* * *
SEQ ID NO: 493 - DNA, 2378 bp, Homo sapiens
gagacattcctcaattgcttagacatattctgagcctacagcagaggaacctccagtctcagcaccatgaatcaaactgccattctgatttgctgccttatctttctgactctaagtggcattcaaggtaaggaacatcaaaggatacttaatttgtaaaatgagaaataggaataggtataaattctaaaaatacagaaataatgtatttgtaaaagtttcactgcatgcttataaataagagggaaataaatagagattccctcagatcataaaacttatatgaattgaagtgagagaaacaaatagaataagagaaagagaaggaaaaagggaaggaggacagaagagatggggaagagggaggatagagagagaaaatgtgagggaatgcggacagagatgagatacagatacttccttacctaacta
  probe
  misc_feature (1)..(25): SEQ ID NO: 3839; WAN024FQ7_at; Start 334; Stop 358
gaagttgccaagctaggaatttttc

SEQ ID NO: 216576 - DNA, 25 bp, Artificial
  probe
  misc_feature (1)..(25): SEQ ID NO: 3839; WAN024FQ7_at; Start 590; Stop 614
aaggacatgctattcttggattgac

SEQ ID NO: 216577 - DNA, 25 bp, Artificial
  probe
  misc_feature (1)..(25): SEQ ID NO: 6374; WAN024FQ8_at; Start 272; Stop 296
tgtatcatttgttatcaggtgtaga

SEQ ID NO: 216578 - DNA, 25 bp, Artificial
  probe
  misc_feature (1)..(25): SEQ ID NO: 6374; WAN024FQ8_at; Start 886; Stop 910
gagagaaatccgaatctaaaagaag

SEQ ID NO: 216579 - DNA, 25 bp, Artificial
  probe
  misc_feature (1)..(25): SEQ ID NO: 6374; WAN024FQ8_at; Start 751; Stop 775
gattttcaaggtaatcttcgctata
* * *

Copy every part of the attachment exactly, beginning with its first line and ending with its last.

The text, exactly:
SEQ ID NO: 493 - DNA, 2378 bp, Homo sapiens
gagacattcctcaattgcttagacatattctgagcctacagcagaggaacctccagtctcagcaccatgaatcaaactgccattctgatttgctgccttatctttctgactctaagtggcattcaaggtaaggaacatcaaaggatacttaatttgtaaaatgagaaataggaataggtataaattctaaaaatacagaaataatgtatttgtaaaagtttcactgcatgcttataaataagagggaaataaatagagattccctcagatcataaaacttatatgaattgaagtgagagaaacaaatagaataagagaaagagaaggaaaaagggaaggaggacagaagagatggggaagagggaggatagagagagaaaatgtgagggaatgcggacagagatgagatacagatacttccttacctaacta
  probe
  misc_feature (1)..(25): SEQ ID NO: 3839; WAN024FQ7_at; Start 334; Stop 358
gaagttgccaagctaggaatttttc

SEQ ID NO: 216576 - DNA, 25 bp, Artificial
  probe
  misc_feature (1)..(25): SEQ ID NO: 3839; WAN024FQ7_at; Start 590; Stop 614
aaggacatgctattcttggattgac

SEQ ID NO: 216577 - DNA, 25 bp, Artificial
  probe
  misc_feature (1)..(25): SEQ ID NO: 6374; WAN024FQ8_at; Start 272; Stop 296
tgtatcatttgttatcaggtgtaga

SEQ ID NO: 216578 - DNA, 25 bp, Artificial
  probe
  misc_feature (1)..(25): SEQ ID NO: 6374; WAN024FQ8_at; Start 886; Stop 910
gagagaaatccgaatctaaaagaag

SEQ ID NO: 216579 - DNA, 25 bp, Artificial
  probe
  misc_feature (1)..(25): SEQ ID NO: 6374; WAN024FQ8_at; Start 751; Stop 775
gattttcaaggtaatcttcgctata